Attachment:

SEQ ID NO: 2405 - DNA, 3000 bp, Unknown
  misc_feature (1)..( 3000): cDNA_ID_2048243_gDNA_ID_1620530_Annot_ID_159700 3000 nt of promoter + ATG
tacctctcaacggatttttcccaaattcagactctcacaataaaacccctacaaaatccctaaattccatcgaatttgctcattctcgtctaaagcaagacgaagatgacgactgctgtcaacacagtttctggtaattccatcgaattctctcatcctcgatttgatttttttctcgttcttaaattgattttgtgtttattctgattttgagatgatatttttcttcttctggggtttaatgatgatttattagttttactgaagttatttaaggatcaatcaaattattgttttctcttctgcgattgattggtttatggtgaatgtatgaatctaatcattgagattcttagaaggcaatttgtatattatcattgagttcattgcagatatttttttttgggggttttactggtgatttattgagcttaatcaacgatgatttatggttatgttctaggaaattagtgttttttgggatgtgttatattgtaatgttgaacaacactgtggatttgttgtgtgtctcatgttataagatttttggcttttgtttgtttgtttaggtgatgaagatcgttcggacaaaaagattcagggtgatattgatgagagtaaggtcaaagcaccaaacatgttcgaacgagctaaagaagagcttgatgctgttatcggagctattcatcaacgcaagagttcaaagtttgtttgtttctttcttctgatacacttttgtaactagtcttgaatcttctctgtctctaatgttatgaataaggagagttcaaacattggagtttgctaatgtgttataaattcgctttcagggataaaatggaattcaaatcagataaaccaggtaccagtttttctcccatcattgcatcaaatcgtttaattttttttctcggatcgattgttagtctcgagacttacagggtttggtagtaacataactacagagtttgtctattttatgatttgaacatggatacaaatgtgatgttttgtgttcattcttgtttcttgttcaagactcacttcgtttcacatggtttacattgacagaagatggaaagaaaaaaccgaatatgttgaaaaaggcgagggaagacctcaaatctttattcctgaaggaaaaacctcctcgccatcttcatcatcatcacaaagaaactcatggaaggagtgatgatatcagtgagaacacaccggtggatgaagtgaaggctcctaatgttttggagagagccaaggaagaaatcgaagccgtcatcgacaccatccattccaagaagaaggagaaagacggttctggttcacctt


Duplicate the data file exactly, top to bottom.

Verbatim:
SEQ ID NO: 2405 - DNA, 3000 bp, Unknown
  misc_feature (1)..( 3000): cDNA_ID_2048243_gDNA_ID_1620530_Annot_ID_159700 3000 nt of promoter + ATG
tacctctcaacggatttttcccaaattcagactctcacaataaaacccctacaaaatccctaaattccatcgaatttgctcattctcgtctaaagcaagacgaagatgacgactgctgtcaacacagtttctggtaattccatcgaattctctcatcctcgatttgatttttttctcgttcttaaattgattttgtgtttattctgattttgagatgatatttttcttcttctggggtttaatgatgatttattagttttactgaagttatttaaggatcaatcaaattattgttttctcttctgcgattgattggtttatggtgaatgtatgaatctaatcattgagattcttagaaggcaatttgtatattatcattgagttcattgcagatatttttttttgggggttttactggtgatttattgagcttaatcaacgatgatttatggttatgttctaggaaattagtgttttttgggatgtgttatattgtaatgttgaacaacactgtggatttgttgtgtgtctcatgttataagatttttggcttttgtttgtttgtttaggtgatgaagatcgttcggacaaaaagattcagggtgatattgatgagagtaaggtcaaagcaccaaacatgttcgaacgagctaaagaagagcttgatgctgttatcggagctattcatcaacgcaagagttcaaagtttgtttgtttctttcttctgatacacttttgtaactagtcttgaatcttctctgtctctaatgttatgaataaggagagttcaaacattggagtttgctaatgtgttataaattcgctttcagggataaaatggaattcaaatcagataaaccaggtaccagtttttctcccatcattgcatcaaatcgtttaattttttttctcggatcgattgttagtctcgagacttacagggtttggtagtaacataactacagagtttgtctattttatgatttgaacatggatacaaatgtgatgttttgtgttcattcttgtttcttgttcaagactcacttcgtttcacatggtttacattgacagaagatggaaagaaaaaaccgaatatgttgaaaaaggcgagggaagacctcaaatctttattcctgaaggaaaaacctcctcgccatcttcatcatcatcacaaagaaactcatggaaggagtgatgatatcagtgagaacacaccggtggatgaagtgaaggctcctaatgttttggagagagccaaggaagaaatcgaagccgtcatcgacaccatccattccaagaagaaggagaaagacggttctggttcacctt